Olympia Dukakis Honored With Star On Hollywood Walk of Fame

Ever since her Oscar-winning role in 'Moonstruck,' Dukakis makes the best of maternal roles

Olympia Dukakis

Blame it on the moon; after Olympia Dukakis won the Oscar as Cher’s tough, sardonic mother in the 1987 romantic comedy “Moonstruck,” she became both a household name and Hollywood’s go-to actress for similar maternal roles — at an age (56) when many of her peers were contemplating forced retirement.

“I got offered all these parts playing mothers because of ‘Moonstruck,’” notes Dukakis, who gets a star on the Hollywood Walk of Fame on May 24. “In fact, (director) Norman Jewison cast me after seeing me in the Mike Nichols production of Social Security, where I played Marlo Thomas’ mother, even though we were very close in age. But I guess I was able to pull it off.”

Two decades earlier, Dukakis had pulled off a similar trick in the 1969 drama John and Mary, where she was cast as Dustin Hoffman’s mother, despite being a mere six years older than him in real life — the same separation in years that she has with Thomas. “It is a little strange,” she admits, “but then in movies, especially big ones, it’s always been very hard to find roles for women my age, especially once you’re over 60. You’re usually playing mothers and grandmothers.”

But not always. The Lowell, Mass., native and longtime New York resident cites her character Clairee in “Steel Magnolias,” who was not a mother. “And then there’s Anna from ‘Tales of the City,’ who just yearned to be a mother and have all her maternal instincts come alive. They’re both pretty offbeat characters, and I’ve always loved those types, whatever medium it’s in,” Dukakis says.

Unlike most of her Hollywood contemporaries, Dukakis has largely focused on theater yet managed to juggle movies and TV work. “The problem isn’t the scheduling, it’s finding projects I really want to do,” she reports.

To this end, she has always been proactive in theater, adapting and directing plays, and mixing up the classics (Orpheus Descending, Uncle Vanya) with more contemporary fare (“One Flew Over the Cuckoo’s Nest,” “Kennedy’s Children”). She also co-founded — with actor-husband Louis Zorich — two theater companies, including the Whole Theater Company in Montclair, N.J., “which we ran for nearly 20 years until 1990, and which allowed me to play the parts I always wanted to play.”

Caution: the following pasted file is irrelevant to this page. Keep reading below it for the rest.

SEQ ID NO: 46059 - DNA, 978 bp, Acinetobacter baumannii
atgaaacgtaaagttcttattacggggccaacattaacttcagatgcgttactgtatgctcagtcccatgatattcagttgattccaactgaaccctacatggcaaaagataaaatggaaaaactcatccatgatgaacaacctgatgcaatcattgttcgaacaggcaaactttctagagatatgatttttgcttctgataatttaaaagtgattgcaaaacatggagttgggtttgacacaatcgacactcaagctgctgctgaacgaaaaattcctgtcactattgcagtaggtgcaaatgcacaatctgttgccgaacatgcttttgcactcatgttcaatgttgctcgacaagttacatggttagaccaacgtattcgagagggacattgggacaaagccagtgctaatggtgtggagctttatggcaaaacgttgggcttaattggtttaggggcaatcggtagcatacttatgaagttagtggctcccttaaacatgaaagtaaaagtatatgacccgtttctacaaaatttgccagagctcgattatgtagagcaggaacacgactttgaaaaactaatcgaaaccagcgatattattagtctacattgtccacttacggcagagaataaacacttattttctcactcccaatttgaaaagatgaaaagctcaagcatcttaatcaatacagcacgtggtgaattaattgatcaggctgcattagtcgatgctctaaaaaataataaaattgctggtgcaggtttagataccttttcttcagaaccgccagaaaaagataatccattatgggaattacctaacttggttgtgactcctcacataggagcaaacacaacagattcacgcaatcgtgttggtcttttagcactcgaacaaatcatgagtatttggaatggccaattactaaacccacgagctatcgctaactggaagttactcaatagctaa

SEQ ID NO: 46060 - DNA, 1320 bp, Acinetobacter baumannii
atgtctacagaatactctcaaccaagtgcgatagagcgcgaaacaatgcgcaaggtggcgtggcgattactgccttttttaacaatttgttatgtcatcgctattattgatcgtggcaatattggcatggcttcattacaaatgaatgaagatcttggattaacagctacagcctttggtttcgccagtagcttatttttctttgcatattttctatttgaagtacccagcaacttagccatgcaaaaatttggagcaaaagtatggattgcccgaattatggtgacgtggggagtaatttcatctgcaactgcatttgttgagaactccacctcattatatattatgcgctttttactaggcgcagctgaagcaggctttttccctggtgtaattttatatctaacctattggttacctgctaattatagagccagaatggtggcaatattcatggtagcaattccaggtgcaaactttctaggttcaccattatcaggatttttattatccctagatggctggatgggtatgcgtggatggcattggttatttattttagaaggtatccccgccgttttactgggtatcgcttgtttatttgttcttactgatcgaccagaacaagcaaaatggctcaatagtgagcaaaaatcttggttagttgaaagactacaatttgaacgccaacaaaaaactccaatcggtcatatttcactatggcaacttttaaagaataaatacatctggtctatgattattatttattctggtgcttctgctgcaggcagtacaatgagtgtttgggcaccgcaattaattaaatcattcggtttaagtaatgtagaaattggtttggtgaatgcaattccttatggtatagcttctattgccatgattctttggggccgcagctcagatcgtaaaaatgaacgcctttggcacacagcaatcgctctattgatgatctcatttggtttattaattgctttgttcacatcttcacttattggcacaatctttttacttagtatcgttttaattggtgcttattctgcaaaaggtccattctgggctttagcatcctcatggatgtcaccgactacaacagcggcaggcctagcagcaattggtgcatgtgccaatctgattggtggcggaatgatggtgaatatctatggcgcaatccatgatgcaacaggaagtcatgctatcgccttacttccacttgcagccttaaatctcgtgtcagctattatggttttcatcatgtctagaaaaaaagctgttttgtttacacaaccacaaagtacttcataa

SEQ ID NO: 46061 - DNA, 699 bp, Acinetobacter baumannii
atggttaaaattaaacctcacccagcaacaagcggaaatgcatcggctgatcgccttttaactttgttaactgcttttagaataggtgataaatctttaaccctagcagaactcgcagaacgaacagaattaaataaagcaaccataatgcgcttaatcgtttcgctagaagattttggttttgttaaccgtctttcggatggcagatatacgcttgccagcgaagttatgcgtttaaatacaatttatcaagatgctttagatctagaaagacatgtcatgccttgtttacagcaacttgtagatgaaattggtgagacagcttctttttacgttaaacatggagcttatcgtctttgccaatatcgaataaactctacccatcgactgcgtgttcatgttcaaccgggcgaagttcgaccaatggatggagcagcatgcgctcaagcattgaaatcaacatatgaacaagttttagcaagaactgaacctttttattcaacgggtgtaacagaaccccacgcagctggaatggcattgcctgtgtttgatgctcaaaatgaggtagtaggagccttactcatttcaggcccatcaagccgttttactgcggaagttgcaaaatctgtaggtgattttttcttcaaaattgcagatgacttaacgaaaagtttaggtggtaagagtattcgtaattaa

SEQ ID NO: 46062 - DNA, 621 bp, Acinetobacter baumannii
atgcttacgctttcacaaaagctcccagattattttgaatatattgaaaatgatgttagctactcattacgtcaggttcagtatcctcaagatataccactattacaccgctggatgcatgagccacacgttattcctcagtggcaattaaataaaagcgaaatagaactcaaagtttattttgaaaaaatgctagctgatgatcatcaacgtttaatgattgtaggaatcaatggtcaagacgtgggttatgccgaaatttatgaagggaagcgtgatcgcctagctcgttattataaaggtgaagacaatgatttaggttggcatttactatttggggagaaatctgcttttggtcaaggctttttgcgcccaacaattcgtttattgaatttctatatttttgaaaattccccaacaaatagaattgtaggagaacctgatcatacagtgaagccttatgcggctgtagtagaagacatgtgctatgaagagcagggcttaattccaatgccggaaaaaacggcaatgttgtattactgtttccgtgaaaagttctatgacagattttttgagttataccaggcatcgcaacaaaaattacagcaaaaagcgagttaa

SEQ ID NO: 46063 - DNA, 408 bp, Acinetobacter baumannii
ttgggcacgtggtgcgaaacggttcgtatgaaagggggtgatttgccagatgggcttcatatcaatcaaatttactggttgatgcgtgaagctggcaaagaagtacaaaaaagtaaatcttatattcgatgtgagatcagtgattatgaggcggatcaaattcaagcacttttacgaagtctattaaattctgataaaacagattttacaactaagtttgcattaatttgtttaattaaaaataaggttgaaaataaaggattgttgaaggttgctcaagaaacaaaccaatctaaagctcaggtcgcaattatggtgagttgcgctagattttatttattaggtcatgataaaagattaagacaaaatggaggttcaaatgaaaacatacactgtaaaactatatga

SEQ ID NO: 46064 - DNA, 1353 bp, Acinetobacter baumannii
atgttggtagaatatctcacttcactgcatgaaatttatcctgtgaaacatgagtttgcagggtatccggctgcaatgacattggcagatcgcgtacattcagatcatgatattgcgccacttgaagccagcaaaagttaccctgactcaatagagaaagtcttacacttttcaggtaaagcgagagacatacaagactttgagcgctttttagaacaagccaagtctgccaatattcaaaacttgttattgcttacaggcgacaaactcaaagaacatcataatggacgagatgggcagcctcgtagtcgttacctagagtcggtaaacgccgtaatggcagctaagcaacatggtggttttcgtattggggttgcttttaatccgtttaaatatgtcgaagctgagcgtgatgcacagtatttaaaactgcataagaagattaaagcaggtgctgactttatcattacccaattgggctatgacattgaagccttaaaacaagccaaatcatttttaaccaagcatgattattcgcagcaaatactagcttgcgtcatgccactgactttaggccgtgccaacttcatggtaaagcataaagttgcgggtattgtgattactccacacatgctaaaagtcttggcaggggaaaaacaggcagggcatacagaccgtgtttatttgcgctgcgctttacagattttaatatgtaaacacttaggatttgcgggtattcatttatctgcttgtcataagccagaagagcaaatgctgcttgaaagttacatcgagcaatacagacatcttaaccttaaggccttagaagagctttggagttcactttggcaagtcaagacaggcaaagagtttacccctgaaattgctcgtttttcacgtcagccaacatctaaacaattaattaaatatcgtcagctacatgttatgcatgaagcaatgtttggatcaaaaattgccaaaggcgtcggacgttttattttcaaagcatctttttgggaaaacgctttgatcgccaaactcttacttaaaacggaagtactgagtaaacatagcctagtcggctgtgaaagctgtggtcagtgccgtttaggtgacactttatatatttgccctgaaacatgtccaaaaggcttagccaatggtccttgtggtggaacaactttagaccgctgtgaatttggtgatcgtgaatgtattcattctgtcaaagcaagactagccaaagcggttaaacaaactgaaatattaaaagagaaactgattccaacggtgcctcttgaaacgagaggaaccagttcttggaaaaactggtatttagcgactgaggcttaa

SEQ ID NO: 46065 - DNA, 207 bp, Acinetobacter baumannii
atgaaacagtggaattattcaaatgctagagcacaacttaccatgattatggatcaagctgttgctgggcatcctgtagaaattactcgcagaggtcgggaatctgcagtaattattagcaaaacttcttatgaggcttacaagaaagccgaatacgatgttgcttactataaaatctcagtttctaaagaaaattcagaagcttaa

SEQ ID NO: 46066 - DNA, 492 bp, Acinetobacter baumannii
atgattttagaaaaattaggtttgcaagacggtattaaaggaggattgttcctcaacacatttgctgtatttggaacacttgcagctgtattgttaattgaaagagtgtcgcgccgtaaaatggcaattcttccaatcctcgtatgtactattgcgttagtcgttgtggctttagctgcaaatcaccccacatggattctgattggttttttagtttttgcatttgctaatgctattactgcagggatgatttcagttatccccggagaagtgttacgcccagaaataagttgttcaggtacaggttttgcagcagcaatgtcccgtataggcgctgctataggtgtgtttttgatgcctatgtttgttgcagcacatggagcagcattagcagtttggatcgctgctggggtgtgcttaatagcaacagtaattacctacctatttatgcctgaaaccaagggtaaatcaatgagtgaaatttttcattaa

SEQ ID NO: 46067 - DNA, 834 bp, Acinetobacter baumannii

With a resume comprising more than 100 film and TV credits (“Mr. Holland’s Opus,” “Mighty Aphrodite,” “The Simpsons”) and close to 150 Broadway and Off Broadway productions, the prolific actress has enjoyed a longevity and “a career full of interesting roles,” thanks to being a character actor.

“That allows you so much more freedom,” says the daughter of Greek immigrants, who adds that, “I was typecast ethnically when I began on the stage in my 20s — as Greek, Italian, Jewish, and so on — and that stood me in good stead, and it made me industry-friendly when I got older.”

Unlike athletes who have short career spans, “actors can just keep going,” says Dukakis, who has no intention of retiring and who this summer will make her fifth appearance in the title role in Brecht’s “Mother Courage and Her Children” at Shakespeare & Co. in Lennox, Mass.

“After doing Brecht or Chekhov and all the other plays so often over the years, along with the films and TV, I really have found that acting gets far easier,” she says. “When I began, I was so concerned about the craft and the process, and being intimidated by the great parts. And I naturally tend to be a bit of a loose cannon. Now, I finally have some discipline, and it’s wonderful not to agonize over everything.”